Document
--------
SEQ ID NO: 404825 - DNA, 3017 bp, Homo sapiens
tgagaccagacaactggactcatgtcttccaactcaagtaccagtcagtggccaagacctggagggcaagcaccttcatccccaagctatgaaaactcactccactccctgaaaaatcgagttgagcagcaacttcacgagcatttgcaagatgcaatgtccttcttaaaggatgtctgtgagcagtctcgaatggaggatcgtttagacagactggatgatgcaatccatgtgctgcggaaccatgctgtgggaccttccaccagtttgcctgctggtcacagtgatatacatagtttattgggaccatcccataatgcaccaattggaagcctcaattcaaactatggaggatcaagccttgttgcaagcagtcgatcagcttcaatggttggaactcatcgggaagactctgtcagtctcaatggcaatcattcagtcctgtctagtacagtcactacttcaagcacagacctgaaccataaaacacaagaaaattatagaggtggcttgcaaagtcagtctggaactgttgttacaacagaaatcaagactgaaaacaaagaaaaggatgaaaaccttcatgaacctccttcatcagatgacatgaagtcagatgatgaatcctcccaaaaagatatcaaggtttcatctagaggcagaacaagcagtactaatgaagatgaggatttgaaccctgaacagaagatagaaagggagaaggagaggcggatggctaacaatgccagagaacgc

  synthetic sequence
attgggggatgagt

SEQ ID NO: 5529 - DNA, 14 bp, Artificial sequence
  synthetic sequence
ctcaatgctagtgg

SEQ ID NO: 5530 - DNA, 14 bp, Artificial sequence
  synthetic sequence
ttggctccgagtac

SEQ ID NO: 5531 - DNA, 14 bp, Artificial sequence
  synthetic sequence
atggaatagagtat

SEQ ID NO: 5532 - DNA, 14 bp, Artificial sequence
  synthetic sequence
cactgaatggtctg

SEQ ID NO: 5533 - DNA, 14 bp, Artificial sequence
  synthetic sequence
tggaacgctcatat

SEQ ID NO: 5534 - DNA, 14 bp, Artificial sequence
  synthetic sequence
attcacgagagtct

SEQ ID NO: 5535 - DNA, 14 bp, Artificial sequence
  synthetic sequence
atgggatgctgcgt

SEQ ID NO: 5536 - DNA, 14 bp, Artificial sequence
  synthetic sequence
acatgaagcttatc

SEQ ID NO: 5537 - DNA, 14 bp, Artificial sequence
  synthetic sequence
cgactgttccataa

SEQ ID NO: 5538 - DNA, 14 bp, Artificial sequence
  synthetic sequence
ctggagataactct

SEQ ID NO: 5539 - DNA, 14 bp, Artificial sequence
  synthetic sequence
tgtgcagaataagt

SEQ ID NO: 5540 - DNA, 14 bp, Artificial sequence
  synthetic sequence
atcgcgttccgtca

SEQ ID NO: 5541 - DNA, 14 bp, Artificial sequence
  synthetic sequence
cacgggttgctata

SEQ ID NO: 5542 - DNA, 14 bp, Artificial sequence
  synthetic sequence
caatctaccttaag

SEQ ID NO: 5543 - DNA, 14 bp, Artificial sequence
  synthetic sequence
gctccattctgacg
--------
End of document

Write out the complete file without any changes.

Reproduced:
SEQ ID NO: 404825 - DNA, 3017 bp, Homo sapiens
tgagaccagacaactggactcatgtcttccaactcaagtaccagtcagtggccaagacctggagggcaagcaccttcatccccaagctatgaaaactcactccactccctgaaaaatcgagttgagcagcaacttcacgagcatttgcaagatgcaatgtccttcttaaaggatgtctgtgagcagtctcgaatggaggatcgtttagacagactggatgatgcaatccatgtgctgcggaaccatgctgtgggaccttccaccagtttgcctgctggtcacagtgatatacatagtttattgggaccatcccataatgcaccaattggaagcctcaattcaaactatggaggatcaagccttgttgcaagcagtcgatcagcttcaatggttggaactcatcgggaagactctgtcagtctcaatggcaatcattcagtcctgtctagtacagtcactacttcaagcacagacctgaaccataaaacacaagaaaattatagaggtggcttgcaaagtcagtctggaactgttgttacaacagaaatcaagactgaaaacaaagaaaaggatgaaaaccttcatgaacctccttcatcagatgacatgaagtcagatgatgaatcctcccaaaaagatatcaaggtttcatctagaggcagaacaagcagtactaatgaagatgaggatttgaaccctgaacagaagatagaaagggagaaggagaggcggatggctaacaatgccagagaacgc

  synthetic sequence
attgggggatgagt

SEQ ID NO: 5529 - DNA, 14 bp, Artificial sequence
  synthetic sequence
ctcaatgctagtgg

SEQ ID NO: 5530 - DNA, 14 bp, Artificial sequence
  synthetic sequence
ttggctccgagtac

SEQ ID NO: 5531 - DNA, 14 bp, Artificial sequence
  synthetic sequence
atggaatagagtat

SEQ ID NO: 5532 - DNA, 14 bp, Artificial sequence
  synthetic sequence
cactgaatggtctg

SEQ ID NO: 5533 - DNA, 14 bp, Artificial sequence
  synthetic sequence
tggaacgctcatat

SEQ ID NO: 5534 - DNA, 14 bp, Artificial sequence
  synthetic sequence
attcacgagagtct

SEQ ID NO: 5535 - DNA, 14 bp, Artificial sequence
  synthetic sequence
atgggatgctgcgt

SEQ ID NO: 5536 - DNA, 14 bp, Artificial sequence
  synthetic sequence
acatgaagcttatc

SEQ ID NO: 5537 - DNA, 14 bp, Artificial sequence
  synthetic sequence
cgactgttccataa

SEQ ID NO: 5538 - DNA, 14 bp, Artificial sequence
  synthetic sequence
ctggagataactct

SEQ ID NO: 5539 - DNA, 14 bp, Artificial sequence
  synthetic sequence
tgtgcagaataagt

SEQ ID NO: 5540 - DNA, 14 bp, Artificial sequence
  synthetic sequence
atcgcgttccgtca

SEQ ID NO: 5541 - DNA, 14 bp, Artificial sequence
  synthetic sequence
cacgggttgctata

SEQ ID NO: 5542 - DNA, 14 bp, Artificial sequence
  synthetic sequence
caatctaccttaag

SEQ ID NO: 5543 - DNA, 14 bp, Artificial sequence
  synthetic sequence
gctccattctgacg